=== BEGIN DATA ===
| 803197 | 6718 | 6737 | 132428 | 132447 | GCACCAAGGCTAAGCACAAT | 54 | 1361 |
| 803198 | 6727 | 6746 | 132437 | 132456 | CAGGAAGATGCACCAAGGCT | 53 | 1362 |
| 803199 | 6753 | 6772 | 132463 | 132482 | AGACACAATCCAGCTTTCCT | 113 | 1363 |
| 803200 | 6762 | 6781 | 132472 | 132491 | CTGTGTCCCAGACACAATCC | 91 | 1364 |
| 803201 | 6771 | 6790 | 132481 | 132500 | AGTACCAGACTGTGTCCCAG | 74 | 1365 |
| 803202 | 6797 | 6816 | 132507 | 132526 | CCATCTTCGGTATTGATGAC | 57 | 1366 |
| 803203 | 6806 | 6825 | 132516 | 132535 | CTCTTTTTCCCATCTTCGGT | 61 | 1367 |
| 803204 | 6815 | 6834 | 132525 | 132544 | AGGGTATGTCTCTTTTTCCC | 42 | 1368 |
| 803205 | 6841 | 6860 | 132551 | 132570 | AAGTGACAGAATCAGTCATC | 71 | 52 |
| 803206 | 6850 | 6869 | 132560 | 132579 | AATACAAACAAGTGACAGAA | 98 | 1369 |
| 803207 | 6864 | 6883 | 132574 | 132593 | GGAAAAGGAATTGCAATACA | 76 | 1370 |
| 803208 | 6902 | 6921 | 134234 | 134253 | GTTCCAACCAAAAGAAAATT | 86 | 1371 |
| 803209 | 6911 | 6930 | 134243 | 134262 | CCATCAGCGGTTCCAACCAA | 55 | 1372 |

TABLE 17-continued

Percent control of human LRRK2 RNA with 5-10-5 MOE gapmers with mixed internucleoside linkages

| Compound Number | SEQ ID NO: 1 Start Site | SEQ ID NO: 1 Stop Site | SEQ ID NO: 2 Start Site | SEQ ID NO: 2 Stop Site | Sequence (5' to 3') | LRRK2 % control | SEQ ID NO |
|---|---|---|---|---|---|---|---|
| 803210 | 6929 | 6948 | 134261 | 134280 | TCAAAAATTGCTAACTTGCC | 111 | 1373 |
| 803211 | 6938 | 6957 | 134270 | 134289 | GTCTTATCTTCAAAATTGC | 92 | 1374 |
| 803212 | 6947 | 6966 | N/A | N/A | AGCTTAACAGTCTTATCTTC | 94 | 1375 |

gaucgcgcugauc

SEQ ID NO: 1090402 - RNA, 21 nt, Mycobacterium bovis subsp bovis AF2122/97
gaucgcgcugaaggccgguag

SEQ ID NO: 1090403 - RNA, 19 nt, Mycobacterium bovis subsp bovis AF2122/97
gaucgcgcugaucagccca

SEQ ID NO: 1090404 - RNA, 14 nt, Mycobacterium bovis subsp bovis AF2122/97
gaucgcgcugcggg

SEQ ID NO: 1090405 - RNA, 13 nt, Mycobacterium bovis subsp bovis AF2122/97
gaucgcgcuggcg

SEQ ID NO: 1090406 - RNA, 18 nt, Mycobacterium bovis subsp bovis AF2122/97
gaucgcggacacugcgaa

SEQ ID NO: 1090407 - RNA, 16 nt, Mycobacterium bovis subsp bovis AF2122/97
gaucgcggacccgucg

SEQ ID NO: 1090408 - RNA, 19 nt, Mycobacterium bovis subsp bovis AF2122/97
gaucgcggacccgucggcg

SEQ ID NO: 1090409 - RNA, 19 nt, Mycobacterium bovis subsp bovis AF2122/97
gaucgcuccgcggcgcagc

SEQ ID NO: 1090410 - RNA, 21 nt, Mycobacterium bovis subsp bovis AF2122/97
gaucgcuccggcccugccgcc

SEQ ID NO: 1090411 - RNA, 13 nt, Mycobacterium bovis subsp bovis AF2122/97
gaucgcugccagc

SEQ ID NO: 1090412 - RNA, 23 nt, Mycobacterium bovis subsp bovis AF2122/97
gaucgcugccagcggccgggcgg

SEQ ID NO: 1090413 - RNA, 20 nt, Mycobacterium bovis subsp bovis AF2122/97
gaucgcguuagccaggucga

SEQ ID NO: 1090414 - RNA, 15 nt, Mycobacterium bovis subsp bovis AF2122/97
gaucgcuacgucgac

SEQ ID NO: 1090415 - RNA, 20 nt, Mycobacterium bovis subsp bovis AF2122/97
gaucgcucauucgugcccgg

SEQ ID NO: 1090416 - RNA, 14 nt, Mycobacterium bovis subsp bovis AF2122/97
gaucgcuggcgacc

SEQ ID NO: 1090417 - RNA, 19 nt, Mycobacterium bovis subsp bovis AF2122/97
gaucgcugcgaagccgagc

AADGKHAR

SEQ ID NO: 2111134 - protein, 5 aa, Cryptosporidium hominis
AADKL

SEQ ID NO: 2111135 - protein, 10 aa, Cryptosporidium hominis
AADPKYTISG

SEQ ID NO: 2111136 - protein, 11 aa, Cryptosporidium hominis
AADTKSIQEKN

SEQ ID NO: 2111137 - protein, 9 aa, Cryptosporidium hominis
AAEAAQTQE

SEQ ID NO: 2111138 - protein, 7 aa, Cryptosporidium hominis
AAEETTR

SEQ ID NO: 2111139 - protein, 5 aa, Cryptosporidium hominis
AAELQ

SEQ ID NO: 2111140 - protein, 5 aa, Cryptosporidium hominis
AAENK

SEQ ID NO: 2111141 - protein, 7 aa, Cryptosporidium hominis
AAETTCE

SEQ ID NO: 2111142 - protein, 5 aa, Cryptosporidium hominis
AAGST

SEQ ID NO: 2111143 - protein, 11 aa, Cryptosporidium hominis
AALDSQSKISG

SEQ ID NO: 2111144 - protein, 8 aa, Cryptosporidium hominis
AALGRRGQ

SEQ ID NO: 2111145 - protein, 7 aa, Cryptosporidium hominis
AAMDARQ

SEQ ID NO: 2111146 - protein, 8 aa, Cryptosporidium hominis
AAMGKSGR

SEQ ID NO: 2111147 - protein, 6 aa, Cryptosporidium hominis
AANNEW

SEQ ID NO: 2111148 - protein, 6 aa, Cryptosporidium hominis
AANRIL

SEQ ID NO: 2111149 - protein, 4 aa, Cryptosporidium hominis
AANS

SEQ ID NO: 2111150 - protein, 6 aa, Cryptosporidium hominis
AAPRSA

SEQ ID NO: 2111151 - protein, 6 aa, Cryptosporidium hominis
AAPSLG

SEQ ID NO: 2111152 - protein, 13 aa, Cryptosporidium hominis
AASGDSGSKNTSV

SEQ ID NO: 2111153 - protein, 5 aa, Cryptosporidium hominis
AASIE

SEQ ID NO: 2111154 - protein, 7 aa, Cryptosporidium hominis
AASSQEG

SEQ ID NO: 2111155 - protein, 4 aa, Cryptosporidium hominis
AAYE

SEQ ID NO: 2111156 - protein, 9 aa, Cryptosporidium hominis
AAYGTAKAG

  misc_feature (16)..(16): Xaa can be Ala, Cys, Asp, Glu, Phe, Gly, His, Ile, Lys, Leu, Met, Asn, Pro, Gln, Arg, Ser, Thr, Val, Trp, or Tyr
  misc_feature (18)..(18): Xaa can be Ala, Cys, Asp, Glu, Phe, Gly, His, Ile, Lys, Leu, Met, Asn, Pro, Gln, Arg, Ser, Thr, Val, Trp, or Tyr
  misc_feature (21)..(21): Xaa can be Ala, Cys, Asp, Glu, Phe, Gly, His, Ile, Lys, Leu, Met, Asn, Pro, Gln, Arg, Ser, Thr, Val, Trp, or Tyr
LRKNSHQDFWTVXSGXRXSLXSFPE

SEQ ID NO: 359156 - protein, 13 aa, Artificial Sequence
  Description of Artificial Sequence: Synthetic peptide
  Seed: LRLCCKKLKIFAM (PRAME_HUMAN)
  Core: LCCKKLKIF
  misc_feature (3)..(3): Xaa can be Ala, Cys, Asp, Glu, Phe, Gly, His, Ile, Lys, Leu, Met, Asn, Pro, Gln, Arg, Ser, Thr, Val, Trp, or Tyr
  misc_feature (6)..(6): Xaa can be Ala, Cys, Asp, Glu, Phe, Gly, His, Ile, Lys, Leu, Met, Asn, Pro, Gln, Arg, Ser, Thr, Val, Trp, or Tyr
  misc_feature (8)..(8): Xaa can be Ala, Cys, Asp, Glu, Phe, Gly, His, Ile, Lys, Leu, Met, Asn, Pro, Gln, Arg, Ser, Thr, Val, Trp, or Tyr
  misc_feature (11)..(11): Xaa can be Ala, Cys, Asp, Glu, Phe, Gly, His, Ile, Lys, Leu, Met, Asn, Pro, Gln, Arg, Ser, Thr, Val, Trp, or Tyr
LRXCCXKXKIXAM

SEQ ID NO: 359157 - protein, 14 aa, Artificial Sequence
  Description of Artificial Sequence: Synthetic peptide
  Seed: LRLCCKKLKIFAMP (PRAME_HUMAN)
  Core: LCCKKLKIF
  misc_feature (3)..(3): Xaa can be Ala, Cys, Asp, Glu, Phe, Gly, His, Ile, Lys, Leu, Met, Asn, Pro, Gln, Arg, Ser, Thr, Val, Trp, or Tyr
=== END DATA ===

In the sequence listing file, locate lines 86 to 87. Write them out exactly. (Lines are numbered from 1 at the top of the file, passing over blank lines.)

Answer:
AANS

SEQ ID NO: 2111150 - protein, 6 aa, Cryptosporidium hominis